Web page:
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It’s no secret that restaurants reuse the oil when they deep fry the food. And, while there are still downsides to this practice, it’s a lot safer than reusing the oil at home. Why is that? Why should you be careful about keeping the oil inside your deep fryer for a long time?
For many reasons. First, the oil degrades after each use and depending on the deep-frying temperature, this can make the oil residue very harmful and toxic. Second, deep fryers might not have the right conditions for storing oils, which can furthermore degrade and oxidize the oil over time. Finally, restaurants use the deep fryer almost non-stop, which is not the case at home. In most households, deep frying is not an everyday thing, which affects how you should reuse and store the oil.
Long story short, with everything in mind, it seems that the first question we need to answer is: “Is it acceptable to leave oil in a deep fryer?” And, if yes, then how long can you keep oil in the deep fryer before it becomes harmful?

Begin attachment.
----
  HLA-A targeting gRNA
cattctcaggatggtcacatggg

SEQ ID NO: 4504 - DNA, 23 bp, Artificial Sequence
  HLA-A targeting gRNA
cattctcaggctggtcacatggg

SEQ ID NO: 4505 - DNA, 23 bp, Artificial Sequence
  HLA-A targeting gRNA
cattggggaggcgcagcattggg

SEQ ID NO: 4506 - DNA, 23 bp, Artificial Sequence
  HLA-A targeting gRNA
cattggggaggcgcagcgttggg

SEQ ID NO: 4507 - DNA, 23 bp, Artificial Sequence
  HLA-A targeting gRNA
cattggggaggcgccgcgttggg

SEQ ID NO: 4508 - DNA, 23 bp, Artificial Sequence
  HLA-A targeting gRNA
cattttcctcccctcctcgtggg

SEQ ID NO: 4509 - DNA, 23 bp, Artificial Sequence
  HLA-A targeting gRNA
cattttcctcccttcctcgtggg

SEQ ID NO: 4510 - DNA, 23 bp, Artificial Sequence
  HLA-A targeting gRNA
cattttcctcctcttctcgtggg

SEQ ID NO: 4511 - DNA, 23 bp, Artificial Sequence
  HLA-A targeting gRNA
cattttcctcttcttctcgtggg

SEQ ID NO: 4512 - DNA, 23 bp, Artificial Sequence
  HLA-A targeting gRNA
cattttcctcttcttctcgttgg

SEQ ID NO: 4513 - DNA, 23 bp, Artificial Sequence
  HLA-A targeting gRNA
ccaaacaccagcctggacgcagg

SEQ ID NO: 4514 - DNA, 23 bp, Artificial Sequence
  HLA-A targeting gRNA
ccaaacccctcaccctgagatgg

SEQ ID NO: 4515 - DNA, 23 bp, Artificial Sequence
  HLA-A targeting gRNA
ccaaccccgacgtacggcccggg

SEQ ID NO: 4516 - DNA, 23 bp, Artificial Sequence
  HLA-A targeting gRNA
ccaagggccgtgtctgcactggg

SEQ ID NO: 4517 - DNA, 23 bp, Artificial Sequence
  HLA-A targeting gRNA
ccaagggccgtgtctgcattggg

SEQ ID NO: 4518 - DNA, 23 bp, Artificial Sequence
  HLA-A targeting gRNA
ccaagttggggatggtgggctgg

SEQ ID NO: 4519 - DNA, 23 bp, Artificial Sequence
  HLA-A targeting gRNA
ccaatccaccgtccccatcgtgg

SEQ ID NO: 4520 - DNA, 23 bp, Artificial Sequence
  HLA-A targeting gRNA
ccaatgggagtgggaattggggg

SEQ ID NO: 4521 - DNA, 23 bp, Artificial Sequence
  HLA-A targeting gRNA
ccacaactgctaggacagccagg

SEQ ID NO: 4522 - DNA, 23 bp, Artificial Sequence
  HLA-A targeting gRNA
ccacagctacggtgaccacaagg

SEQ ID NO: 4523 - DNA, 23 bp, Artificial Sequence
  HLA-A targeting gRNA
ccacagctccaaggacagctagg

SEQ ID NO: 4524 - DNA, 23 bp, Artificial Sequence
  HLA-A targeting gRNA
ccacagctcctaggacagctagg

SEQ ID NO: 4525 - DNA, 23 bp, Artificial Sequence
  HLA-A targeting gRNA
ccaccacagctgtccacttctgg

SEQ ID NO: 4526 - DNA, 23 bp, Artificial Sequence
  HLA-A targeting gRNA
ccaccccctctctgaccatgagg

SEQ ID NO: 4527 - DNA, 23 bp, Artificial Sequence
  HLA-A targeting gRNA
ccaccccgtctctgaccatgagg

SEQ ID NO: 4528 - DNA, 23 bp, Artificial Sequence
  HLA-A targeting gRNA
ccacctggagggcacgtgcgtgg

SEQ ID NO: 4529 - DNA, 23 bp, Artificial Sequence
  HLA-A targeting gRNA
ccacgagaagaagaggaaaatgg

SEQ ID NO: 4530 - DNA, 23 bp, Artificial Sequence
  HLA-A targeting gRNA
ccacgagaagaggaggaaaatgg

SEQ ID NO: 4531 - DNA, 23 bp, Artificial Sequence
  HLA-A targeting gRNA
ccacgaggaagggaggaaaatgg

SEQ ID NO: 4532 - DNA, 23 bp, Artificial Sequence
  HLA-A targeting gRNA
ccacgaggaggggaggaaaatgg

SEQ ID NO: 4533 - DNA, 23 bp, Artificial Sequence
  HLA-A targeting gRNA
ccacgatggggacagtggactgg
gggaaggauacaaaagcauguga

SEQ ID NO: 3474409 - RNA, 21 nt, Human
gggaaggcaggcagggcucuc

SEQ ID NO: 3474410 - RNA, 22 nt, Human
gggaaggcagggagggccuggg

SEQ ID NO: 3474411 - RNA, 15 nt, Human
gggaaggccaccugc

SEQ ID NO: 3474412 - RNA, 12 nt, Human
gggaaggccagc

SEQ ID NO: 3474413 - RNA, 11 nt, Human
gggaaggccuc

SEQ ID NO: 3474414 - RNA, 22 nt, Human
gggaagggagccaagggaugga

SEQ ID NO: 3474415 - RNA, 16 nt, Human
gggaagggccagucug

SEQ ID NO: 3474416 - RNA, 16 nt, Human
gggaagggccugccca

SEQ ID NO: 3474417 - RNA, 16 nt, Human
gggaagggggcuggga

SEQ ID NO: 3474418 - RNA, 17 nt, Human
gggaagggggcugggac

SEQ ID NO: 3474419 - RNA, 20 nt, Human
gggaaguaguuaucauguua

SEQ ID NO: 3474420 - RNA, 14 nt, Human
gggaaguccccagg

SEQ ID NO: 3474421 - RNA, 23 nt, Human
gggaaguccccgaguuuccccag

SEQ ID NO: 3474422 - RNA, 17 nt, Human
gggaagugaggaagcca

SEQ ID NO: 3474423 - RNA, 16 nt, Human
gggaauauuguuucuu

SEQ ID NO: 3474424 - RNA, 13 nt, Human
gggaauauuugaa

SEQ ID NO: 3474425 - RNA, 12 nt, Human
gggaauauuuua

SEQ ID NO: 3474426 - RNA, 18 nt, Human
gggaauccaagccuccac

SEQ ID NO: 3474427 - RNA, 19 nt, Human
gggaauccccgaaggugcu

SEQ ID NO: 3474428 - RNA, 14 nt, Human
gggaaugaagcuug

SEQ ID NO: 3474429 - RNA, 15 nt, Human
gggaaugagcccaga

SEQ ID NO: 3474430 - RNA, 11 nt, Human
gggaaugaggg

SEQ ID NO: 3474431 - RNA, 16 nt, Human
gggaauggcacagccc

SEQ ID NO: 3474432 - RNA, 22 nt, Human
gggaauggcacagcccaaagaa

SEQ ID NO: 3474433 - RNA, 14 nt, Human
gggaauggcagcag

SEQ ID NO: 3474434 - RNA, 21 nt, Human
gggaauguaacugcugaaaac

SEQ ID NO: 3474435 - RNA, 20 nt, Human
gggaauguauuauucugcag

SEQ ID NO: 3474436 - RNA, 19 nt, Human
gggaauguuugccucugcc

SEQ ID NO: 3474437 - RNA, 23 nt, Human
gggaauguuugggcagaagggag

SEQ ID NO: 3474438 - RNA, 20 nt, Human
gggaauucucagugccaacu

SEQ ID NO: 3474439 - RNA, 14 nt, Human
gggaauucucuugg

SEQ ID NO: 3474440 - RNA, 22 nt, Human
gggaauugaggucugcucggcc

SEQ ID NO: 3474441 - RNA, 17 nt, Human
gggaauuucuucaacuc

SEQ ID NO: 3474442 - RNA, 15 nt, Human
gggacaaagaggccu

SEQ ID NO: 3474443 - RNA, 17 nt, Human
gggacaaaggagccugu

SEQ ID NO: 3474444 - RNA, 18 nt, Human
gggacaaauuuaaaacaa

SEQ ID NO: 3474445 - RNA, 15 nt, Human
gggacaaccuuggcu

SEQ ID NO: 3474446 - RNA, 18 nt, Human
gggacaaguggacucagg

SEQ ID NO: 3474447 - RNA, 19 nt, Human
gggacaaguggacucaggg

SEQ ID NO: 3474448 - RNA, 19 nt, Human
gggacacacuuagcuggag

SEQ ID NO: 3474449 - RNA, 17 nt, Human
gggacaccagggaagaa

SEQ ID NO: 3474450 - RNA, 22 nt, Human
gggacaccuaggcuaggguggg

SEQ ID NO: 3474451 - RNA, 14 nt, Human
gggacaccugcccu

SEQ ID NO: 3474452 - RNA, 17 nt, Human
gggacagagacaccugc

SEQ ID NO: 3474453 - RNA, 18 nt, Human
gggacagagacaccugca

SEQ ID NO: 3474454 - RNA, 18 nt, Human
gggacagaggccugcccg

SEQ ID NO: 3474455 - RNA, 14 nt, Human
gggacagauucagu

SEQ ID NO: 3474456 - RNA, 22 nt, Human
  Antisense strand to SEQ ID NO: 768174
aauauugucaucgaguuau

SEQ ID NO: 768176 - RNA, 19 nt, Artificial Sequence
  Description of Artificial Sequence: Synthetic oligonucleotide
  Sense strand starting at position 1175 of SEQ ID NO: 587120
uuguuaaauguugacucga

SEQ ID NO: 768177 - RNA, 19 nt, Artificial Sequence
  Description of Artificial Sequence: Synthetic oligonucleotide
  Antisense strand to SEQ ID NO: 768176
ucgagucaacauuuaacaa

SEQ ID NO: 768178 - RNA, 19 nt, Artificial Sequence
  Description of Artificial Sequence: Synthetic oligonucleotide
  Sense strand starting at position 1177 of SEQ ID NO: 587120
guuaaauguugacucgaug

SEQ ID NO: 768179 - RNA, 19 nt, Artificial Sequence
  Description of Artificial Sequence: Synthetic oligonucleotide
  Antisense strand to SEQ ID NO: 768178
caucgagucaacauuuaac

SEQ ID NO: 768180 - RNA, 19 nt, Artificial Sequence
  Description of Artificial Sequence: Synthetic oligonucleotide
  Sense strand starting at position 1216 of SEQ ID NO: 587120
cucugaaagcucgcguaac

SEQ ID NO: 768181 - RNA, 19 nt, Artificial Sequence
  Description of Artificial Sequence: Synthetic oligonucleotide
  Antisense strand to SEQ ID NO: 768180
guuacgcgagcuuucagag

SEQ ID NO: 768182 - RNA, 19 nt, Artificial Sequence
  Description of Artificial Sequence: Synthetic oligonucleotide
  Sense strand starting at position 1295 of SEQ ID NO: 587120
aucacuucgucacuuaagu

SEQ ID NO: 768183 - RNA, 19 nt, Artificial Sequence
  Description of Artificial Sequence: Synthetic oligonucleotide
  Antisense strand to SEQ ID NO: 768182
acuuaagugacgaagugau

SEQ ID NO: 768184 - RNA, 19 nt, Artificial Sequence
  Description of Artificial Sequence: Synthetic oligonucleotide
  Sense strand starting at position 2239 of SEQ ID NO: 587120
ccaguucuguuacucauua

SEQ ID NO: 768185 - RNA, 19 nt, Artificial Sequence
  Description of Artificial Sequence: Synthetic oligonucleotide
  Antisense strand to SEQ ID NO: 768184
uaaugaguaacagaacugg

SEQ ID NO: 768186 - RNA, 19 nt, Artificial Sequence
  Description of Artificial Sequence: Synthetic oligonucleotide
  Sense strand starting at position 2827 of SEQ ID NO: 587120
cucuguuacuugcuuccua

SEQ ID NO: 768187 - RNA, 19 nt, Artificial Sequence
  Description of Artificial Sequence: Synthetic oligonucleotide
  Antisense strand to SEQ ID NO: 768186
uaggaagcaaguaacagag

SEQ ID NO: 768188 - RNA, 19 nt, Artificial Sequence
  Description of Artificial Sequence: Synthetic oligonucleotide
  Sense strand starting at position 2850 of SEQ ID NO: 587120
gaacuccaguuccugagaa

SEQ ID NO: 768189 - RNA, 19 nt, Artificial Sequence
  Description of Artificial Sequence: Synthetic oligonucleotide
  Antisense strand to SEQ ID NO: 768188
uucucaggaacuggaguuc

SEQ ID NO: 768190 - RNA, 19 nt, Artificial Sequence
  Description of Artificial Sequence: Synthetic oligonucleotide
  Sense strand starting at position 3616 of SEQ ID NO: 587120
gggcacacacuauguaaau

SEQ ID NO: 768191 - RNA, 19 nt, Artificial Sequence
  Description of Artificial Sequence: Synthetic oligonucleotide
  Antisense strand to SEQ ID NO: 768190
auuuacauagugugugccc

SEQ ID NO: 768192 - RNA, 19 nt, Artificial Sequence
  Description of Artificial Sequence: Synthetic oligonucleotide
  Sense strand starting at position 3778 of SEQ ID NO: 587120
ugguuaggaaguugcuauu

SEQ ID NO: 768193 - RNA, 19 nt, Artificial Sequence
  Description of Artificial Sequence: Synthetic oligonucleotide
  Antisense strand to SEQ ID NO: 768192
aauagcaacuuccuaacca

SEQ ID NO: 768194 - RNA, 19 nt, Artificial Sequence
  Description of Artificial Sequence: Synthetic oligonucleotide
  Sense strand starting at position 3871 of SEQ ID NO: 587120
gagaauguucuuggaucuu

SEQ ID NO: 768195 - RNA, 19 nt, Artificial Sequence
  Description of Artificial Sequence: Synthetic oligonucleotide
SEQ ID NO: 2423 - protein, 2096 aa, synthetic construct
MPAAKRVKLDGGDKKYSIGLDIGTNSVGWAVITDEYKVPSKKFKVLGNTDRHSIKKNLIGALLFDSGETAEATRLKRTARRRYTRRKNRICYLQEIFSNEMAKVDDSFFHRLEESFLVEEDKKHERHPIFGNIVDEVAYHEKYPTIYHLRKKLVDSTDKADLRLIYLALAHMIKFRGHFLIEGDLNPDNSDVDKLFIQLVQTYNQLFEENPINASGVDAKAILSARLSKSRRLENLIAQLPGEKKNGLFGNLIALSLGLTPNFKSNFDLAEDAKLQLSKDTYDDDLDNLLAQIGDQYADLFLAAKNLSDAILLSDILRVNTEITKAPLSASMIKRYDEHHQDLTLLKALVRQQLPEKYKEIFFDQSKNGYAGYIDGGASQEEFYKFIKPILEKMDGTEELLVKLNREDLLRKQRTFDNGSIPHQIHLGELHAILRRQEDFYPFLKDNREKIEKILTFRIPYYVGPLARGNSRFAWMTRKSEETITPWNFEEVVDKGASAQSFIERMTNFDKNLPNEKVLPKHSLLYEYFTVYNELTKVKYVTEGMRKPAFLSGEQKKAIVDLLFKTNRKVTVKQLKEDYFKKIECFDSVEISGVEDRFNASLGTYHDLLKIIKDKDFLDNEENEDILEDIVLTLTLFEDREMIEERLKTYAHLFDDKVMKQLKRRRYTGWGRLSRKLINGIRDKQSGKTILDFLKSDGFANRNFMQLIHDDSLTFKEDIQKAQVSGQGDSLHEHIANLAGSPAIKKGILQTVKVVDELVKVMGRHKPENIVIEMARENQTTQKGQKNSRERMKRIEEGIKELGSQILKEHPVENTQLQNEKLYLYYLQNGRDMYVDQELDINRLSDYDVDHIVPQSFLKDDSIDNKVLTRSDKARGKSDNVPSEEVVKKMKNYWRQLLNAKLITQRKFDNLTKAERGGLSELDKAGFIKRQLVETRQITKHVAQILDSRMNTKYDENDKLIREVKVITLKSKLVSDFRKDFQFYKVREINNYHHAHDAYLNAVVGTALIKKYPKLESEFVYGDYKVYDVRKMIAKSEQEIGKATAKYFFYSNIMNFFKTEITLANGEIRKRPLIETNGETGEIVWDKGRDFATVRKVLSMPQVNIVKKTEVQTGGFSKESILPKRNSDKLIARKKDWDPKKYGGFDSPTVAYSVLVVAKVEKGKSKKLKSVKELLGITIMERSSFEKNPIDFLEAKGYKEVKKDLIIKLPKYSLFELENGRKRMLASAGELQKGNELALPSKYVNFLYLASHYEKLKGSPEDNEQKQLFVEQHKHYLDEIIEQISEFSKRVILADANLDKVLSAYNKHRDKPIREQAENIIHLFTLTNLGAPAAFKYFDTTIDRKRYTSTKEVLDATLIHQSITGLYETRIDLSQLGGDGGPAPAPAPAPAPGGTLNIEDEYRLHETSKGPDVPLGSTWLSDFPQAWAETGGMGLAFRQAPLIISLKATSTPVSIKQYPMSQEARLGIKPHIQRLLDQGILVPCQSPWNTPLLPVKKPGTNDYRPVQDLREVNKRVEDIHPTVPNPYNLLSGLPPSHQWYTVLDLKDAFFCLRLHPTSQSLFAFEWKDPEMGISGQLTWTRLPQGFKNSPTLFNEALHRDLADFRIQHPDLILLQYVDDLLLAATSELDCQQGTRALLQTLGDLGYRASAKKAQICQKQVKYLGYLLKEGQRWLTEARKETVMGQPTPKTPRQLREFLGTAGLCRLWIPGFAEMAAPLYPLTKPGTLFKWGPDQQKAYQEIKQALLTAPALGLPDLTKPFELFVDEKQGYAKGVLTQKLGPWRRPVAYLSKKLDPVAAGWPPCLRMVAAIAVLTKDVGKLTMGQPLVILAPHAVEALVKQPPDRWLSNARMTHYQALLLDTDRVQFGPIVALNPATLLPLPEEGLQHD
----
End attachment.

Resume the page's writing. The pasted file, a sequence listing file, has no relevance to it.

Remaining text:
It might seem as an easy answer, but as you’ll see, there are many different factors to consider.
Factors That Affect Oil Reuse Quality
How often you need to change the oil in your deep fryer depends on the deep fryer itself, the food you’re cooking, the oil you’re cooking with, and your own cooking habits. Each aspect can either prolong or shorten the amount of time when the oil is considered usable, and here’s how.
1. The Food You’re Frying
When people ask how often they should change the oil, they expect a magic number or a short answer that works every time. However, that’s not realistic. Imagine, even the type of food you’ve been frying affects whether the remaining oil can be reused and for how long.
Frying chicken is not the same as frying french fries. In other words, frying meat and vegetables affect the condition of the oil in a different way. If you’re frying meat, you should not reuse the oil or at least not use it as long as you would if you were frying vegetables.
Some foods break down easily and leave a lot of food particles in the oil (think chicken nuggets or onion rings). These are also the types of foods that negatively affect the oil’s reuse life.
2. The Type of Oil You’re Using
The second factor that affects the oil’s quality after using it is the oil itself. Different oils have different properties, and these properties change when heated. This is why some oils are not suitable for deep frying at all – not even once.